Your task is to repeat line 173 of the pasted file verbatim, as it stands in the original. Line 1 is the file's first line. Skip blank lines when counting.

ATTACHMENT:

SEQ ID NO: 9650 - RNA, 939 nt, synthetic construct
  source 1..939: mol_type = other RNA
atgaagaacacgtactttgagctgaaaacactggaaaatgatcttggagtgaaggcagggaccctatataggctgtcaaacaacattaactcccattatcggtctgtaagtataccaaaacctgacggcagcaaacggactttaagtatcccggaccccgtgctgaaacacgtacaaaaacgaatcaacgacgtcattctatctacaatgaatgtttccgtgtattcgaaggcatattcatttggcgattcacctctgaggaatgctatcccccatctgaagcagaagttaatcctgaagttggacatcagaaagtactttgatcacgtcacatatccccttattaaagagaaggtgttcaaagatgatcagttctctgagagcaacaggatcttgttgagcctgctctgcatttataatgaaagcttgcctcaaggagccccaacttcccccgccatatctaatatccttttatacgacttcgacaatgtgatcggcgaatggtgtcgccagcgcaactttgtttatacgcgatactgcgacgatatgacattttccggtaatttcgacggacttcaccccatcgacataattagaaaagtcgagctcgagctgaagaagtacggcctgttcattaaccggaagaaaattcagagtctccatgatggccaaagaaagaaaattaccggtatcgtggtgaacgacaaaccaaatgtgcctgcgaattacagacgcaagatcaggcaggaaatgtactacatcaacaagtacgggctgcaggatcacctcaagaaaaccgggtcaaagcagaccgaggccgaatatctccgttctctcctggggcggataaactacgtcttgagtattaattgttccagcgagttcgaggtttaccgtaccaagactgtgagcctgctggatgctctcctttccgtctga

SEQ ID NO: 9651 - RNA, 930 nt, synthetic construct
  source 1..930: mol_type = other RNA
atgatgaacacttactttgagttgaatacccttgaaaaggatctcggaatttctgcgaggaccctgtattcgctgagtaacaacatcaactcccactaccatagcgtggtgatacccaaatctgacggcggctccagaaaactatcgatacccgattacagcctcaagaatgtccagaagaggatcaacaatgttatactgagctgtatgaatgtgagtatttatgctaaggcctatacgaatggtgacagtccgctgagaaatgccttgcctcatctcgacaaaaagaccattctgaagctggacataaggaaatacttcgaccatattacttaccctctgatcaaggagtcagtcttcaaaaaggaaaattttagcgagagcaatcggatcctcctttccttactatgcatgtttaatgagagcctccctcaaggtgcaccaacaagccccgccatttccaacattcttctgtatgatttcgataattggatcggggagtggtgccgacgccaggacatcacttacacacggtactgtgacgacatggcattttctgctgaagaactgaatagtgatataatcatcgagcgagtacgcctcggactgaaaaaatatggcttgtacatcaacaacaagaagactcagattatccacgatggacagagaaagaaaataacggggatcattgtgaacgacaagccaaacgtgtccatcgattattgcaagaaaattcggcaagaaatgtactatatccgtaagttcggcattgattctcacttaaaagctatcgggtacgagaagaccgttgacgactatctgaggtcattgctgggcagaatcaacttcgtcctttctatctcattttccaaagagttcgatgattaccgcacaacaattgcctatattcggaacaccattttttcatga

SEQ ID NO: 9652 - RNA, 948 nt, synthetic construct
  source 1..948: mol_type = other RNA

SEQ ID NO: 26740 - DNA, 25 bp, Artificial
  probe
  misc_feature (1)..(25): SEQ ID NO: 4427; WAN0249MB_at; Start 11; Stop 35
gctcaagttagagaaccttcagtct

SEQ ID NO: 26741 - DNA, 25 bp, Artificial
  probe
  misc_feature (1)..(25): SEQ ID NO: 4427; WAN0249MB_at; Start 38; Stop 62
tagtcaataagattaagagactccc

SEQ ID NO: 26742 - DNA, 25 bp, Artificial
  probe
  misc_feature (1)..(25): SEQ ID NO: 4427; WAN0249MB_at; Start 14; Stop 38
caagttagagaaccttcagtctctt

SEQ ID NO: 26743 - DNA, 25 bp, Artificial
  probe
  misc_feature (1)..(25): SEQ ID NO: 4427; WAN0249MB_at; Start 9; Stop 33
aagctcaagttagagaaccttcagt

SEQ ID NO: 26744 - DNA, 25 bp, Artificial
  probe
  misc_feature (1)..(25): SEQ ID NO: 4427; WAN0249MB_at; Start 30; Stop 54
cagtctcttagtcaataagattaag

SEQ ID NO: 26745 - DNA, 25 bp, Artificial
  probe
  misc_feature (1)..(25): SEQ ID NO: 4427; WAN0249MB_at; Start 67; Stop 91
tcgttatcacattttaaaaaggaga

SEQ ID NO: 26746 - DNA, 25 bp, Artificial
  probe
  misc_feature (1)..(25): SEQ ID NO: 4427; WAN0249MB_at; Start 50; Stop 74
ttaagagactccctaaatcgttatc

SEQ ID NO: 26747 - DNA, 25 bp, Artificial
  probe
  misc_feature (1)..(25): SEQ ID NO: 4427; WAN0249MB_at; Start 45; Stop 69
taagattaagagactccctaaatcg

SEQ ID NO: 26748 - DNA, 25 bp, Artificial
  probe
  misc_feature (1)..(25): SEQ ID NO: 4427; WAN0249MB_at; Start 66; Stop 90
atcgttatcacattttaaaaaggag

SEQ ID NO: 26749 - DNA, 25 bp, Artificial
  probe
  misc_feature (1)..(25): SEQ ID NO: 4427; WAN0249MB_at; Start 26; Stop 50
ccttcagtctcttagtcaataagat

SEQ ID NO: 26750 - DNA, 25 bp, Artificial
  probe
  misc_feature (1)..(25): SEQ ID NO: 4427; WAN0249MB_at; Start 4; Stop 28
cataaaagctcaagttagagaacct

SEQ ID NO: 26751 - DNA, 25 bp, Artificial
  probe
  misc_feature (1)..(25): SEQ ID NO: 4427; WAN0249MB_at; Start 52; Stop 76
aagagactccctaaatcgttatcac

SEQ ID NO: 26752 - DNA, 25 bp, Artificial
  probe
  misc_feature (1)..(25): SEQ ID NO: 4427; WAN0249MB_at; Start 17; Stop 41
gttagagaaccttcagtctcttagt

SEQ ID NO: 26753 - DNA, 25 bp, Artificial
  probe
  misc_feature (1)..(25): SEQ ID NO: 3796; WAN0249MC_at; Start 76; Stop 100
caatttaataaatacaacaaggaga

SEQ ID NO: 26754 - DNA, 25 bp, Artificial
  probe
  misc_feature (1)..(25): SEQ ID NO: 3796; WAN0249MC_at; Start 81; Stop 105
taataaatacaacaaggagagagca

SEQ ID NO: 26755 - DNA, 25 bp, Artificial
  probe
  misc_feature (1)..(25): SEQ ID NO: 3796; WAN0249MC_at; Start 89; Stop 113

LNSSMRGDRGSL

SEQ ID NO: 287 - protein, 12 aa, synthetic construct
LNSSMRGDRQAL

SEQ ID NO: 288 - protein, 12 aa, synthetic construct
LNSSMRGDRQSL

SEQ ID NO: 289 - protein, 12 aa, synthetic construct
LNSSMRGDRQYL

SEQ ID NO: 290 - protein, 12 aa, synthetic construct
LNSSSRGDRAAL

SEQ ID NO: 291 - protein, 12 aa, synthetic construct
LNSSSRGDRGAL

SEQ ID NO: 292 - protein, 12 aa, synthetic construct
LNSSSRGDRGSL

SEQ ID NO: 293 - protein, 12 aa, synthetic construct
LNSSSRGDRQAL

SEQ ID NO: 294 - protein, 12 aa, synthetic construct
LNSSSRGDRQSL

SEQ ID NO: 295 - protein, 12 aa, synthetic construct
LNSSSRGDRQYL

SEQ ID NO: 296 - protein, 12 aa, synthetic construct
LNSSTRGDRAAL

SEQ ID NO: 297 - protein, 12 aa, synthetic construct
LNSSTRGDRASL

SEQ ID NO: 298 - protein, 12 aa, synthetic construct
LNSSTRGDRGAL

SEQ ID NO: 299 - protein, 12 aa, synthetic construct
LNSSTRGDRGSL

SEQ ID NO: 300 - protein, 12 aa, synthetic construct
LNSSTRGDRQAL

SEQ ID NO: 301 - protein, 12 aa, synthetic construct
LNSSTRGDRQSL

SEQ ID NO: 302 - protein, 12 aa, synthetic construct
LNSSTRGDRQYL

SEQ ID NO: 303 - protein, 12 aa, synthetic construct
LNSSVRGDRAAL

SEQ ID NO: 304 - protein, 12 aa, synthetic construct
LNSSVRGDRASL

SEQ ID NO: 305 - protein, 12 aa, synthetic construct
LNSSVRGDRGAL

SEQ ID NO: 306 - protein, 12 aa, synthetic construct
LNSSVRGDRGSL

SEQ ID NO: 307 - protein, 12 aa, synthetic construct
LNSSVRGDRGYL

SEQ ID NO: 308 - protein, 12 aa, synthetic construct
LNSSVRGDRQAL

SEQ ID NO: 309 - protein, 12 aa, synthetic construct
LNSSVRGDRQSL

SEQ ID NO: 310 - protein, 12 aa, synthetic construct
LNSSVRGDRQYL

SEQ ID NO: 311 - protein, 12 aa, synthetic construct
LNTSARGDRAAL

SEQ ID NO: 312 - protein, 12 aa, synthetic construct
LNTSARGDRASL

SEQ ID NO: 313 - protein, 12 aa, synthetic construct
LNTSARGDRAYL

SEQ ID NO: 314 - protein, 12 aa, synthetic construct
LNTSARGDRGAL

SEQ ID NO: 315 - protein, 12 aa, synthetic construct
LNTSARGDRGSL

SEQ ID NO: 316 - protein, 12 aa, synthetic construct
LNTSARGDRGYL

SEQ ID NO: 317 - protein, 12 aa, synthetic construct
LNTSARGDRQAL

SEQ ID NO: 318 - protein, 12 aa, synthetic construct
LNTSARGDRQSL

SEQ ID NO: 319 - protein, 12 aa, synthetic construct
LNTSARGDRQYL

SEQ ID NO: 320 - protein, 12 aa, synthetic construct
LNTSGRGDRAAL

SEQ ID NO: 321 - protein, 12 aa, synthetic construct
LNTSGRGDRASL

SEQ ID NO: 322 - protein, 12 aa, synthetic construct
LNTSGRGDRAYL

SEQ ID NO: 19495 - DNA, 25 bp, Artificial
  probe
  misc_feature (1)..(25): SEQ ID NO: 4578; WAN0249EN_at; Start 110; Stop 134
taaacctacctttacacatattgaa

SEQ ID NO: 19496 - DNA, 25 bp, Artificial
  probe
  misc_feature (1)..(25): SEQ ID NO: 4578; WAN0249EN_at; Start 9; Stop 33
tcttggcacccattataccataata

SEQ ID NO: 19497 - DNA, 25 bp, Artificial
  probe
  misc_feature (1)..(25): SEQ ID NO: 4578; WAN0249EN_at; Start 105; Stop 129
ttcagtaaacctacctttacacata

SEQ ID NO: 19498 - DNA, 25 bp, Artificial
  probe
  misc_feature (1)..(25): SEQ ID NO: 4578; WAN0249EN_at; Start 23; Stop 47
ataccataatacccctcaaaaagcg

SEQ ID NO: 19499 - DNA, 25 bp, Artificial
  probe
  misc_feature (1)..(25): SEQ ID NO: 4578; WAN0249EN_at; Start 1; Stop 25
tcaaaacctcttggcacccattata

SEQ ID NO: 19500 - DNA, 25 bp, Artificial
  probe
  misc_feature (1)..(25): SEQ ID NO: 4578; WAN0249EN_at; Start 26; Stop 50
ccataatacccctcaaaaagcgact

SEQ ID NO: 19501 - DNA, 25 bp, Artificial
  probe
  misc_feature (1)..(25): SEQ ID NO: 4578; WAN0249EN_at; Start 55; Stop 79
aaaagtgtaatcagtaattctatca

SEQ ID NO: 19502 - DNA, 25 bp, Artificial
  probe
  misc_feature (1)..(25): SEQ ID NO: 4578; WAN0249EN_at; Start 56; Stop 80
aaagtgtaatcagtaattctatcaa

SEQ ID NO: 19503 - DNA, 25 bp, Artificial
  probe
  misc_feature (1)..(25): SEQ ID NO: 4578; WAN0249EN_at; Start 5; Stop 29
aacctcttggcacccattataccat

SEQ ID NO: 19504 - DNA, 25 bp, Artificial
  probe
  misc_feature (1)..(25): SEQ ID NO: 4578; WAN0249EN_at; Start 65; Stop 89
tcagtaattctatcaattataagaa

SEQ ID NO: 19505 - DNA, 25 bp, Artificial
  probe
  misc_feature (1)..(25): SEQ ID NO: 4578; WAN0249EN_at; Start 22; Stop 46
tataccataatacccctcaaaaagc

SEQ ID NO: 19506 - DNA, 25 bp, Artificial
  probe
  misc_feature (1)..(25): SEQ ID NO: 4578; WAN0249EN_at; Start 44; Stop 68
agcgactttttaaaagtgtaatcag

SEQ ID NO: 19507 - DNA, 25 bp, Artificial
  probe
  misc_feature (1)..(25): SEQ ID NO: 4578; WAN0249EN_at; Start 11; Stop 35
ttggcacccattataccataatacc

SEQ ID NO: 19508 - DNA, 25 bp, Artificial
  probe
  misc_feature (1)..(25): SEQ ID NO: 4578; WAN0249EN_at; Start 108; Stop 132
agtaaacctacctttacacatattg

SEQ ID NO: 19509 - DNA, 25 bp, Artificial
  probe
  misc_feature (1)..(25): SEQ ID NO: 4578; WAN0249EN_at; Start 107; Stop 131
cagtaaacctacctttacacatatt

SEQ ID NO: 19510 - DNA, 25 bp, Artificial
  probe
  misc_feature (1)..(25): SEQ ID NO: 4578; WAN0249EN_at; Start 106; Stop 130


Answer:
SEQ ID NO: 19502 - DNA, 25 bp, Artificial